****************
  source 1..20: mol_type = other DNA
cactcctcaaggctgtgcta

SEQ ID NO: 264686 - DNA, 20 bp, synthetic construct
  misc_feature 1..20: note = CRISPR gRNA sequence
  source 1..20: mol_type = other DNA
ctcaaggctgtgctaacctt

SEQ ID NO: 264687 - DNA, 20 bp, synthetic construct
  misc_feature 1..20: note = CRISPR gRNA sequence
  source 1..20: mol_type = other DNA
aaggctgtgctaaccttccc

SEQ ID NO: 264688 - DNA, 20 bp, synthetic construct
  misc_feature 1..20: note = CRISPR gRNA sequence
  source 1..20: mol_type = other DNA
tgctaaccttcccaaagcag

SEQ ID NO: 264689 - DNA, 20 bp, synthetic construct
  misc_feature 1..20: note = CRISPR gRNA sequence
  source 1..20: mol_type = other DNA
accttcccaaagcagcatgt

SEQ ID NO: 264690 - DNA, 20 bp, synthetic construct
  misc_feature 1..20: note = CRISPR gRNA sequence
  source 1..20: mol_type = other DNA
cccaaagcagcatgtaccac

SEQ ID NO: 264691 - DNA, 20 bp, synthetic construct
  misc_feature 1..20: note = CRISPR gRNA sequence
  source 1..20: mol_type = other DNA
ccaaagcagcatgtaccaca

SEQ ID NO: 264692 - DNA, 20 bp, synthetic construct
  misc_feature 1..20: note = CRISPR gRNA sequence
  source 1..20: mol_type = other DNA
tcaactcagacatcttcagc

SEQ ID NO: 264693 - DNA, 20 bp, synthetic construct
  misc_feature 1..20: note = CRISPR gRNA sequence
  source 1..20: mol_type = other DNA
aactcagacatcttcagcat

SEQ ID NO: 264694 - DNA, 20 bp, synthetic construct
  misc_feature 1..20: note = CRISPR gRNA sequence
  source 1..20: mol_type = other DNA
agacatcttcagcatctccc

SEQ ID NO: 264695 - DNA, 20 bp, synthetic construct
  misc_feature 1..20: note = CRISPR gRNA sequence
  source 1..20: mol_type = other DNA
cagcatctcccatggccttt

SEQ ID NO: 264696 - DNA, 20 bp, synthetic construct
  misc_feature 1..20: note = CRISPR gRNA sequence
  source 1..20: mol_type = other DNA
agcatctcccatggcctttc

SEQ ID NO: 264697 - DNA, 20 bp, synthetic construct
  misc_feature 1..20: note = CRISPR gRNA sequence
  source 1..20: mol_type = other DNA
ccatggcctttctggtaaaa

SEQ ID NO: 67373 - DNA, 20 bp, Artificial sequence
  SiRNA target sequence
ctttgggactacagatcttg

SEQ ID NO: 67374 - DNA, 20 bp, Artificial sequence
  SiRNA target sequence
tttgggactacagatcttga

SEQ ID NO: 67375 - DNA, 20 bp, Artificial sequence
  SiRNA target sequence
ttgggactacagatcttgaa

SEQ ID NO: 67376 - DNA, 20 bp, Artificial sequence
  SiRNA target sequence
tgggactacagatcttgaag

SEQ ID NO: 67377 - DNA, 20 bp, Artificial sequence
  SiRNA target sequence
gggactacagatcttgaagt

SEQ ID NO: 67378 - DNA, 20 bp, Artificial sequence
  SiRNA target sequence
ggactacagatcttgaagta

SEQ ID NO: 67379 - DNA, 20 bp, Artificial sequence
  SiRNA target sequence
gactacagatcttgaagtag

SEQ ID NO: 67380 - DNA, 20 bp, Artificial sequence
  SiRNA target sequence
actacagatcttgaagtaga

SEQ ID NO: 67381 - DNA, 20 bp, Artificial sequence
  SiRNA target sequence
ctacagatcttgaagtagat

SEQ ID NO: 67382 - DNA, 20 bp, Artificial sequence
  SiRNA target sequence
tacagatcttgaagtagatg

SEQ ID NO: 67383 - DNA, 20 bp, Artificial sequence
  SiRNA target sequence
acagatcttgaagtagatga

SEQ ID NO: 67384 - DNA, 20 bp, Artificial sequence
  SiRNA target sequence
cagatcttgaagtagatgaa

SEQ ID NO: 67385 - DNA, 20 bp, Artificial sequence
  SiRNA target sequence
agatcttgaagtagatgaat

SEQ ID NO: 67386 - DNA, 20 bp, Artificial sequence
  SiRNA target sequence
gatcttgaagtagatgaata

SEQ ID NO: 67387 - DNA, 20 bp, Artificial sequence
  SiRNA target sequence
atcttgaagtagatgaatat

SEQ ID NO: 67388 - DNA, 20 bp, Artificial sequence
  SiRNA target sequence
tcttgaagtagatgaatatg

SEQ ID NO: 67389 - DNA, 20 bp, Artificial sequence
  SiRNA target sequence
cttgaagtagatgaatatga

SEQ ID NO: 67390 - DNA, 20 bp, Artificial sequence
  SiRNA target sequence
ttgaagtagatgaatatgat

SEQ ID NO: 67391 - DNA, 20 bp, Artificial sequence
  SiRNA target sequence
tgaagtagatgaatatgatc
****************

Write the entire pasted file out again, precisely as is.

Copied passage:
  source 1..20: mol_type = other DNA
cactcctcaaggctgtgcta

SEQ ID NO: 264686 - DNA, 20 bp, synthetic construct
  misc_feature 1..20: note = CRISPR gRNA sequence
  source 1..20: mol_type = other DNA
ctcaaggctgtgctaacctt

SEQ ID NO: 264687 - DNA, 20 bp, synthetic construct
  misc_feature 1..20: note = CRISPR gRNA sequence
  source 1..20: mol_type = other DNA
aaggctgtgctaaccttccc

SEQ ID NO: 264688 - DNA, 20 bp, synthetic construct
  misc_feature 1..20: note = CRISPR gRNA sequence
  source 1..20: mol_type = other DNA
tgctaaccttcccaaagcag

SEQ ID NO: 264689 - DNA, 20 bp, synthetic construct
  misc_feature 1..20: note = CRISPR gRNA sequence
  source 1..20: mol_type = other DNA
accttcccaaagcagcatgt

SEQ ID NO: 264690 - DNA, 20 bp, synthetic construct
  misc_feature 1..20: note = CRISPR gRNA sequence
  source 1..20: mol_type = other DNA
cccaaagcagcatgtaccac

SEQ ID NO: 264691 - DNA, 20 bp, synthetic construct
  misc_feature 1..20: note = CRISPR gRNA sequence
  source 1..20: mol_type = other DNA
ccaaagcagcatgtaccaca

SEQ ID NO: 264692 - DNA, 20 bp, synthetic construct
  misc_feature 1..20: note = CRISPR gRNA sequence
  source 1..20: mol_type = other DNA
tcaactcagacatcttcagc

SEQ ID NO: 264693 - DNA, 20 bp, synthetic construct
  misc_feature 1..20: note = CRISPR gRNA sequence
  source 1..20: mol_type = other DNA
aactcagacatcttcagcat

SEQ ID NO: 264694 - DNA, 20 bp, synthetic construct
  misc_feature 1..20: note = CRISPR gRNA sequence
  source 1..20: mol_type = other DNA
agacatcttcagcatctccc

SEQ ID NO: 264695 - DNA, 20 bp, synthetic construct
  misc_feature 1..20: note = CRISPR gRNA sequence
  source 1..20: mol_type = other DNA
cagcatctcccatggccttt

SEQ ID NO: 264696 - DNA, 20 bp, synthetic construct
  misc_feature 1..20: note = CRISPR gRNA sequence
  source 1..20: mol_type = other DNA
agcatctcccatggcctttc

SEQ ID NO: 264697 - DNA, 20 bp, synthetic construct
  misc_feature 1..20: note = CRISPR gRNA sequence
  source 1..20: mol_type = other DNA
ccatggcctttctggtaaaa

SEQ ID NO: 67373 - DNA, 20 bp, Artificial sequence
  SiRNA target sequence
ctttgggactacagatcttg

SEQ ID NO: 67374 - DNA, 20 bp, Artificial sequence
  SiRNA target sequence
tttgggactacagatcttga

SEQ ID NO: 67375 - DNA, 20 bp, Artificial sequence
  SiRNA target sequence
ttgggactacagatcttgaa

SEQ ID NO: 67376 - DNA, 20 bp, Artificial sequence
  SiRNA target sequence
tgggactacagatcttgaag

SEQ ID NO: 67377 - DNA, 20 bp, Artificial sequence
  SiRNA target sequence
gggactacagatcttgaagt

SEQ ID NO: 67378 - DNA, 20 bp, Artificial sequence
  SiRNA target sequence
ggactacagatcttgaagta

SEQ ID NO: 67379 - DNA, 20 bp, Artificial sequence
  SiRNA target sequence
gactacagatcttgaagtag

SEQ ID NO: 67380 - DNA, 20 bp, Artificial sequence
  SiRNA target sequence
actacagatcttgaagtaga

SEQ ID NO: 67381 - DNA, 20 bp, Artificial sequence
  SiRNA target sequence
ctacagatcttgaagtagat

SEQ ID NO: 67382 - DNA, 20 bp, Artificial sequence
  SiRNA target sequence
tacagatcttgaagtagatg

SEQ ID NO: 67383 - DNA, 20 bp, Artificial sequence
  SiRNA target sequence
acagatcttgaagtagatga

SEQ ID NO: 67384 - DNA, 20 bp, Artificial sequence
  SiRNA target sequence
cagatcttgaagtagatgaa

SEQ ID NO: 67385 - DNA, 20 bp, Artificial sequence
  SiRNA target sequence
agatcttgaagtagatgaat

SEQ ID NO: 67386 - DNA, 20 bp, Artificial sequence
  SiRNA target sequence
gatcttgaagtagatgaata

SEQ ID NO: 67387 - DNA, 20 bp, Artificial sequence
  SiRNA target sequence
atcttgaagtagatgaatat

SEQ ID NO: 67388 - DNA, 20 bp, Artificial sequence
  SiRNA target sequence
tcttgaagtagatgaatatg

SEQ ID NO: 67389 - DNA, 20 bp, Artificial sequence
  SiRNA target sequence
cttgaagtagatgaatatga

SEQ ID NO: 67390 - DNA, 20 bp, Artificial sequence
  SiRNA target sequence
ttgaagtagatgaatatgat

SEQ ID NO: 67391 - DNA, 20 bp, Artificial sequence
  SiRNA target sequence
tgaagtagatgaatatgatc